Wine columnist Peter Ranscombe forages for five favourites to back-up the Buck & Birch recipes in the June issue of Scottish Field magazine.
IT’S a tale of two malbecs this month.
Argentina’s all-conquering red is a favourite with steak, yet the best examples are versatile and a good match for many game dishes too.
The Buck & Birch pigeon recipe in the June issue of Scottish Field magazine – out now in print and online – got me thinking about the awesome organic Gaia malbec.
Meanwhile, Zuccardi’s fortified version is an oddity, but a very enjoyable oddity.
Also matching the foraged fayre from Buck & Birch are an albarino, one of the best-value reds from the South of France that I’ve tried in ages, plus a jaw-droppingly impressive Champagne.
BRUNO PAILLARD ASSEMBLAGE BRUT VINTAGE 2012
Celebrate simple ingredients like garlic and mushrooms with a splash-out family-made Champagne that’s worth every single penny. Few smells can rival garlic and mushrooms sizzling in a pan – perhaps with a wee bit of butter and some onions or shallots too – except perhaps a well-made Champagne like those gastronomic examples from Bruno Paillard. I was blown away by the balance in the 2012 vintage, with classic red apple and brown sugar flavours to merge with its acidity, plus lovely toasty notes already developing too.
DOMAINE BOUSQUET GAIA MALBEC 2019
£11.99 to 17 May then £16.99
An organic malbec from Argentina’s high-altitude Gualtallary Valley with a wing full of freshness that will fly alongside the pigeon. I was so impressed with the freshness of this malbec that I was convinced there was a dash of cabernet franc in there too, but I’m reassured by the winemaker that it’s 100% malbec. Well worth the full price, but an absolute steal when it’s on special offer. Classic and vibrant malbec raspberry and blackcurrant flavours, plus enough structure to support the pigeon. It’s that freshness that will help to cut through the posh cabbage too.
MARIUS BY M CHAPOUTIER 2020
Rhone legend Michel Chapoutier created this superb value blend of syrah and grenache further along the coast in the Languedoc. Chapoutier is no slouch when it comes to the label’s Rhone wines, with some of its entry-level examples representing excellent value in their own right. This “indication géographique protégée” (IGP) wine – the modern incarnation of the former “vin de pays” French regional wines – from the neighbouring Langyedoc region takes the concept of “value” to a whole new level though. It wears its 14% alcohol by volume very lightly, and I was really impressed with its fresh acidity, red fruit-led flavours, and ripe yet well-integrated tannins for venison.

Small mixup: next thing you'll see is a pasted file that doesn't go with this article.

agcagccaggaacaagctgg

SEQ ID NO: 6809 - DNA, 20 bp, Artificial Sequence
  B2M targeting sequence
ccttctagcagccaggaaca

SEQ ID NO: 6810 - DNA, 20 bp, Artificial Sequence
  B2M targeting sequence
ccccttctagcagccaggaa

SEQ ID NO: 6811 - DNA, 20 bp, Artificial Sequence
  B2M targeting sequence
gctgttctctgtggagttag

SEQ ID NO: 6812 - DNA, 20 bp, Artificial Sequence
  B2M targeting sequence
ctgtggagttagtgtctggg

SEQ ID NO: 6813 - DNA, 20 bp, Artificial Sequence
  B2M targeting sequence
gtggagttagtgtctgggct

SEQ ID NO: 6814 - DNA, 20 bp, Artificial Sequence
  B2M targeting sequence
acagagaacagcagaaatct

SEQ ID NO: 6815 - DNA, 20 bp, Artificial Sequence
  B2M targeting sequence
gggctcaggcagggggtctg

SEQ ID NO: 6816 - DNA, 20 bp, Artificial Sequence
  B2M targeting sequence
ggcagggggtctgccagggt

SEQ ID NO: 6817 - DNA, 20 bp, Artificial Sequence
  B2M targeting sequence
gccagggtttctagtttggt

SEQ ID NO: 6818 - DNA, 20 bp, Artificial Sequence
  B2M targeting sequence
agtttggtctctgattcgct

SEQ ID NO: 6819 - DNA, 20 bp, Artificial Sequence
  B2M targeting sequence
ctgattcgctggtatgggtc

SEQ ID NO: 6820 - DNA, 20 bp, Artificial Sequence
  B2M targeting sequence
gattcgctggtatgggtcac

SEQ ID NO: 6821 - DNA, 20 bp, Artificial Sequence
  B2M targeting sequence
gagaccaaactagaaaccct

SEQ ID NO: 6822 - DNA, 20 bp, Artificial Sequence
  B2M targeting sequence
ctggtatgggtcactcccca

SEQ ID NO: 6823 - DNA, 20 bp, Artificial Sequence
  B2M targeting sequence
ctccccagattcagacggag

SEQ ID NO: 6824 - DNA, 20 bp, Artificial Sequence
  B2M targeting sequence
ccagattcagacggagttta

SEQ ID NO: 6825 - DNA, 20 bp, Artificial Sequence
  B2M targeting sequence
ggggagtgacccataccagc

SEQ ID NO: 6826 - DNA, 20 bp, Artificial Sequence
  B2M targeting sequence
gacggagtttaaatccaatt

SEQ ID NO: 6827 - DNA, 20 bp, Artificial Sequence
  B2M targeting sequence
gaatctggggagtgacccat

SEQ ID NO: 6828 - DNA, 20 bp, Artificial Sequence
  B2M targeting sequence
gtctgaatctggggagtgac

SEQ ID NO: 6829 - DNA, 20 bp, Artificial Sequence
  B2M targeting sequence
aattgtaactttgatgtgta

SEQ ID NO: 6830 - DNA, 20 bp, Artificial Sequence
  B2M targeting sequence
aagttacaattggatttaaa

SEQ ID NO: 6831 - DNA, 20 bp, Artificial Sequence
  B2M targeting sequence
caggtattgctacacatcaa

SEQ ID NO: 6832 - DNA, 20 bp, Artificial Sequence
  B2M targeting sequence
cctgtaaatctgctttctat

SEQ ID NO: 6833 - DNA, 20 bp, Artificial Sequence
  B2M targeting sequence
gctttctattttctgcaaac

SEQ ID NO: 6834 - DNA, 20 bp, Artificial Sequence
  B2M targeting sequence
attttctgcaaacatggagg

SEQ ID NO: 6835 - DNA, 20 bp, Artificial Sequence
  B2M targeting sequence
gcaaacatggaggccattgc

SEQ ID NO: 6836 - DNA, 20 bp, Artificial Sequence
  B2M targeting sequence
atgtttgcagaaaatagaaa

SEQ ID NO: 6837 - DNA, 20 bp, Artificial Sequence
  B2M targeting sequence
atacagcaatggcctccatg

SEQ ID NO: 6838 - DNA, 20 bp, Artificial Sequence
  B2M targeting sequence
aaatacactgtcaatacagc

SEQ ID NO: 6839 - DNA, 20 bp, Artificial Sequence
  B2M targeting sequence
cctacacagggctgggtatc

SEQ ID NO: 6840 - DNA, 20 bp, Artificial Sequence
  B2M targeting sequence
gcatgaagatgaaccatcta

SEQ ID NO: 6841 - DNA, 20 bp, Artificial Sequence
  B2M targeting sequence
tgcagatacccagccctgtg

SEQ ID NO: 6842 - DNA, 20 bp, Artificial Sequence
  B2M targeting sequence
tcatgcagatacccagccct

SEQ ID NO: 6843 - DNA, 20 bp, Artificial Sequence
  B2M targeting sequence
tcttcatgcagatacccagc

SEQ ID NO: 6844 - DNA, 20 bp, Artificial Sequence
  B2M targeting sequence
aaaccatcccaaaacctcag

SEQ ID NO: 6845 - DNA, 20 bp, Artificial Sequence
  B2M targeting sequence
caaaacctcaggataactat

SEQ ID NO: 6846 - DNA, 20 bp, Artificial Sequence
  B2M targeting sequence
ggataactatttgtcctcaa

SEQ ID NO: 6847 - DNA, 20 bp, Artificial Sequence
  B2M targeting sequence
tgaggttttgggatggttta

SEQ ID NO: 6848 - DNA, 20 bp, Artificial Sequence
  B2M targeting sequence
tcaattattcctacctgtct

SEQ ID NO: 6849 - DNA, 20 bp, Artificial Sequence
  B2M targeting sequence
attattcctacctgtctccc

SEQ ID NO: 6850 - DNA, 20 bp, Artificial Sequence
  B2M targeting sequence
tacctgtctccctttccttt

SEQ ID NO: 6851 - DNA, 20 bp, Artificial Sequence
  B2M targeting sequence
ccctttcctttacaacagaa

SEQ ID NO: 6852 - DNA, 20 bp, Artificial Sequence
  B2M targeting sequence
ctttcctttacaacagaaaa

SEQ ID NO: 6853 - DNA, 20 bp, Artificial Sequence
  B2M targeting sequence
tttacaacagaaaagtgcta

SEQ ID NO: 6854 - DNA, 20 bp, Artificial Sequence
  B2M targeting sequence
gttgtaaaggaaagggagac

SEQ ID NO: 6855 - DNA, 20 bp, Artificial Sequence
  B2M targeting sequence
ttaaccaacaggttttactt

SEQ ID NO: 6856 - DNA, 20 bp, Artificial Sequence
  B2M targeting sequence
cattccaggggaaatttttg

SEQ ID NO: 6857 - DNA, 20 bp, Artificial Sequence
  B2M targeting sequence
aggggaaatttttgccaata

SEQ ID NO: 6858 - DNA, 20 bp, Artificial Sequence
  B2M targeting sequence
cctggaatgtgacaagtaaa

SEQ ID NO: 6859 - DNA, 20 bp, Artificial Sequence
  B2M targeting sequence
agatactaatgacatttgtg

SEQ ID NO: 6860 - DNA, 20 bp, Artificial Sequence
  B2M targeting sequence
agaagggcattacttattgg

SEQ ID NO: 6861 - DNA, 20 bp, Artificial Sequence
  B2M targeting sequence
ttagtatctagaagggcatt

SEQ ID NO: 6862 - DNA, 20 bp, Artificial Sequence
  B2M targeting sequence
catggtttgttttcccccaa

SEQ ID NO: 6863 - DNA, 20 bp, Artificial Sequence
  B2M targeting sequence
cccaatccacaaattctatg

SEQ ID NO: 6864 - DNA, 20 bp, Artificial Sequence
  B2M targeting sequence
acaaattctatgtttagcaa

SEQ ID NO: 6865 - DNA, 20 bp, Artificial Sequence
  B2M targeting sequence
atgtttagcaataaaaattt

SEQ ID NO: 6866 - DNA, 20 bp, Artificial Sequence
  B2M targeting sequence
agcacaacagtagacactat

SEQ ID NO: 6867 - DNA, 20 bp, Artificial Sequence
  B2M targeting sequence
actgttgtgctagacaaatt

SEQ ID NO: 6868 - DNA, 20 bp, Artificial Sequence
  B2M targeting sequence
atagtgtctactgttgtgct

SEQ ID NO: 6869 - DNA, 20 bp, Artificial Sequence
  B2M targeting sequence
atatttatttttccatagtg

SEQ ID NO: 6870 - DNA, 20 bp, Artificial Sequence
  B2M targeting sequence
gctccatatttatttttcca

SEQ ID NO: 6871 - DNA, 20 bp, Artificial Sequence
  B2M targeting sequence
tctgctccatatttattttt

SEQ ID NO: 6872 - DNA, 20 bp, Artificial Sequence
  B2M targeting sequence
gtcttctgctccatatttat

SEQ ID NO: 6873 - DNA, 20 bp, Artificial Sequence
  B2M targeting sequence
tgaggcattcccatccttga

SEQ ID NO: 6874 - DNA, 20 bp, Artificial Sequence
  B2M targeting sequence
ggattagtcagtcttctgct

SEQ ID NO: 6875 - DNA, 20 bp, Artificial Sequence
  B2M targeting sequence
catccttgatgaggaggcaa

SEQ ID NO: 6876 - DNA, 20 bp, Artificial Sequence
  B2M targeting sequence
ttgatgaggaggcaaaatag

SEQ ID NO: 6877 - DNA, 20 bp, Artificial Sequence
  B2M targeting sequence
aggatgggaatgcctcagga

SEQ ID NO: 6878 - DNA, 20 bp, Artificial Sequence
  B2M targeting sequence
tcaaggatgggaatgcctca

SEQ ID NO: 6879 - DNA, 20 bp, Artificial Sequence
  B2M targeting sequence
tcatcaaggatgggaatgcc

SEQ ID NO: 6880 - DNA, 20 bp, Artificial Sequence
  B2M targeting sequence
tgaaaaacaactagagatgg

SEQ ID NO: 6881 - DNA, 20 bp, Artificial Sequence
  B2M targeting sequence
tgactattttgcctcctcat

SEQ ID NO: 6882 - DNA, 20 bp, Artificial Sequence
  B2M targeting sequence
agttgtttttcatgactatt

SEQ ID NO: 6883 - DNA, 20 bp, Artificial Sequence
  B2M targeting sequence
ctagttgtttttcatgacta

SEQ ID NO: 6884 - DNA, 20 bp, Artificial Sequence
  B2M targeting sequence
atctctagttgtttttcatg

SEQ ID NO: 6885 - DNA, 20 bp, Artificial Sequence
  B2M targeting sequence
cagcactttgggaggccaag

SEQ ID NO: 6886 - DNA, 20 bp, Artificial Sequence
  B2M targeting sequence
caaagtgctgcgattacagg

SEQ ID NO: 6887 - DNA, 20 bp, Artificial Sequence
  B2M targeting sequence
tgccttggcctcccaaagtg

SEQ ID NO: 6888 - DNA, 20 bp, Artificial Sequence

BODEGAS CASTRO MARTIN FAMILY ESTATE ALBARINO
The Fine Wine Company
A fresh salad with a duck egg and elderberries or capers calls for an equally fresh wine white like this Spanish albarino. Castro Martin’s albarinos have featured in this column a couple of times over the years – the label’s wines are reliable favourites on restaurant wine lists and independent bottle shop shelves. As I’ve mentioned in the past, Spain’s Galicia region – the bit that sticks out on top of Portugal – always reminds me of our own west coast in Scotland, but with Rías Baixas or “low estuaries” instead of sea lochs. Its albarino wines are great with seafood, and there’s an almost oily texture to Castro Martin’s family estate version that will work well even with egg yolk. This particular bottles happens to go well with Spanish hams too.
MALAMADO FORTIFIED MALBEC
“It’s malbec, Jim, but not as we know it” – fortified like Port, this Argentinian curiosity from winemaker Sebastian Zuccardi has the sweetness to match parkin’s ginger or hogweed seeds. Zuccardi’s mainstream malbecs have become yardsticks for the country’s flagship red grape and that same reliability is on display in this sweet version too. Bright blackcurrant and black cherry on the nose are joined by vanilla and milk chocolate on the palate. Yet there’s still enough freshness to stop the whole ensemble from becoming too cloying and sticky.
In case you missed it, catch-up on last month’s wines to match the outdoor cooking from Ruaridh Emslie
Plus, read more of Peter’s wine, beer, and spirits reviews on his blog, The Grape & The Grain